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Today's land application practices are designed to effectively treat wastes, and have …


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- Interpreting Science in the Real World for Sustainable Land Application


Table 1. Notable examples of systematic research programs on soil-based treatment systems.

Example
Type of project
Western Regional Land Application Project (W-170) (Brown et al., 2003a, 2003b, 2004; Gilmour et al., 2003; O'Connor et al., 2004; Ryan et al., 2004) One of a series of regional land application projects supported by the USDA Cooperative State Research, Education, and Extension Service and State Experiment Station directors (e.g., 5-yr study comparing the fate of metals in land-applied biosolids when applied annually vs. once in 5 yr at the same total application rate; evaluation of plateau effect).
University of Minnesota-Rosemount Experiment Station land application of biosolids studies (Clapp et al., 1994) Studies supported by the USDA Agricultural Research Service and Soil Conservation Service, Metro Waste Commission of the Twin Cities, and the USEPA (e.g., long-term studies of surface applied biosolids on erodible farmland; small watershed catchment studies).
Pennsylvania's Mine Land Reclamation Program and studies by Pennsylvania State University (Sopper and Kerr, 1979; Sopper et al., 1982; Sopper, 1993) Studies initially supported as a demonstration effort by the USEPA, USDA Soil Conservation Service, Appalachian Regional Commission, Pennsylvania Department of Environmental Protection, and Pennsylvania State University; later supported by the City of Philadelphia's Sludge Management Program (effectiveness of biosolids applied at 35–50 dry tons per acre in sustainable mineland reclamation).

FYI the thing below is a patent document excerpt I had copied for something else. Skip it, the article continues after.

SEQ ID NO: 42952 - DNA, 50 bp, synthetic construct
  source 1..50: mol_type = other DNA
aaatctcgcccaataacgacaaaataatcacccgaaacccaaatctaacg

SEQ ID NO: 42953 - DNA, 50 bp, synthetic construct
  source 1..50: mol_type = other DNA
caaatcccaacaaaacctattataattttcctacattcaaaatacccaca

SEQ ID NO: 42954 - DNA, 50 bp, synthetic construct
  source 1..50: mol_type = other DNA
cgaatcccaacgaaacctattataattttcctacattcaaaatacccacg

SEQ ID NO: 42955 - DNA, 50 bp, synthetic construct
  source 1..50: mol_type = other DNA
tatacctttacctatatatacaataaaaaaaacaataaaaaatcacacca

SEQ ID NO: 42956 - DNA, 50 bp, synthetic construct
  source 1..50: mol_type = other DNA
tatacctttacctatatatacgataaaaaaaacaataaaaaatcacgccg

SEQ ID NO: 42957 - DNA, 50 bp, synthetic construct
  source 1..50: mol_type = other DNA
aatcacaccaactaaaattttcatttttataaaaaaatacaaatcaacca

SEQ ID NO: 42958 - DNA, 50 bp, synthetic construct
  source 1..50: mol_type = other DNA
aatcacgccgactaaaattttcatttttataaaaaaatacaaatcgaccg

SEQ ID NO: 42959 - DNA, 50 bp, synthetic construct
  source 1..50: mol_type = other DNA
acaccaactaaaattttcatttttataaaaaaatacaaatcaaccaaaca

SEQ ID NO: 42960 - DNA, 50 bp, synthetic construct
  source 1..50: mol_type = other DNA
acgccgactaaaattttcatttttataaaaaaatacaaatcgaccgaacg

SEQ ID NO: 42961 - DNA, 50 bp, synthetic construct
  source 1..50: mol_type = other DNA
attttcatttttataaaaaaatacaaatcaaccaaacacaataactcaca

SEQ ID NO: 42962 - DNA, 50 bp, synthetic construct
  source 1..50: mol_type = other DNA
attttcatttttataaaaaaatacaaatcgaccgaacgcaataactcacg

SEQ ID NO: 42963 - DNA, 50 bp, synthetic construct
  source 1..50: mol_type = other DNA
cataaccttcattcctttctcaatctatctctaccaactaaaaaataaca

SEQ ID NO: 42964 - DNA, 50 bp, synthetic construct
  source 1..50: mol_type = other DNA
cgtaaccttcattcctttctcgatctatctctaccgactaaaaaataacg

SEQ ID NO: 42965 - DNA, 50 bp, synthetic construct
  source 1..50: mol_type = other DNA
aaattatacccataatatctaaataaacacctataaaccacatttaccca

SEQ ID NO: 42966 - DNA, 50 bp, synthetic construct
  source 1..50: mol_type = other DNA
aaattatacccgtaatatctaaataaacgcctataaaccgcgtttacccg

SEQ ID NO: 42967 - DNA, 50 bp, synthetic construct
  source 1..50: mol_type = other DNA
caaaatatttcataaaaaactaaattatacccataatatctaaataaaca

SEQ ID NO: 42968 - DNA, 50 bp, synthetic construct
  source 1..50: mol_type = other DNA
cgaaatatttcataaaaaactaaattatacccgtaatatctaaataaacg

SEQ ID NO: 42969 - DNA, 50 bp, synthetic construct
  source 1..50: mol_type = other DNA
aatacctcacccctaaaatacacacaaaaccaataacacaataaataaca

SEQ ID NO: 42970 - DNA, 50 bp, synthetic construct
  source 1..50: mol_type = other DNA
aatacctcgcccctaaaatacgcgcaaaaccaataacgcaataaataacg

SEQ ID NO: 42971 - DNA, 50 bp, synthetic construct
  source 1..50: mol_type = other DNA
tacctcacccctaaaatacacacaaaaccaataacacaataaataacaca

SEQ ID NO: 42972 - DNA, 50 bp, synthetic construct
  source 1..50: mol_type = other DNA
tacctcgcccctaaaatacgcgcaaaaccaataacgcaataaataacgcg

New Mexico State University studies involving land application of irradiated biosolids (Sandia Laboratories, 1979) Studies supported by the U.S. Department of Energy's Office of Beneficial Uses of Nuclear Byproducts Program and Department of Energy, Albuquerque Operations Office (effectiveness of land-applied biosolids on western rangeland).
Fulton County, Illinois, Mineland Reclamation/Prairie Project and studies undertaken by the Metro Water Reclamation District of Greater Chicago and the University of Illinois (Sopper and Kerr, 1979; Sopper et al., 1982; Hinesly and Hansen, 1983) Studies undertaken by the Metro Water Reclamation District of Greater Chicago and the University of Illinois (e.g., fate of contaminants and effectiveness of biosolids applied a high application rates to surface minelands).
Albuquerque, New Mexico's Rangeland Reclamation Program and studies (Dennis and Fresquez, 1989; Fresquez et al., 1990; Aguilar et al., 1994; USEPA, 1995b) Studies undertaken in cooperation with the U.S. Forest Service Rocky Mountain Forest and Range Experiment Station (e.g., reduction of runoff and/or erosion and reestablishment of native grasses on badly overgrazed rangeland using biosolids).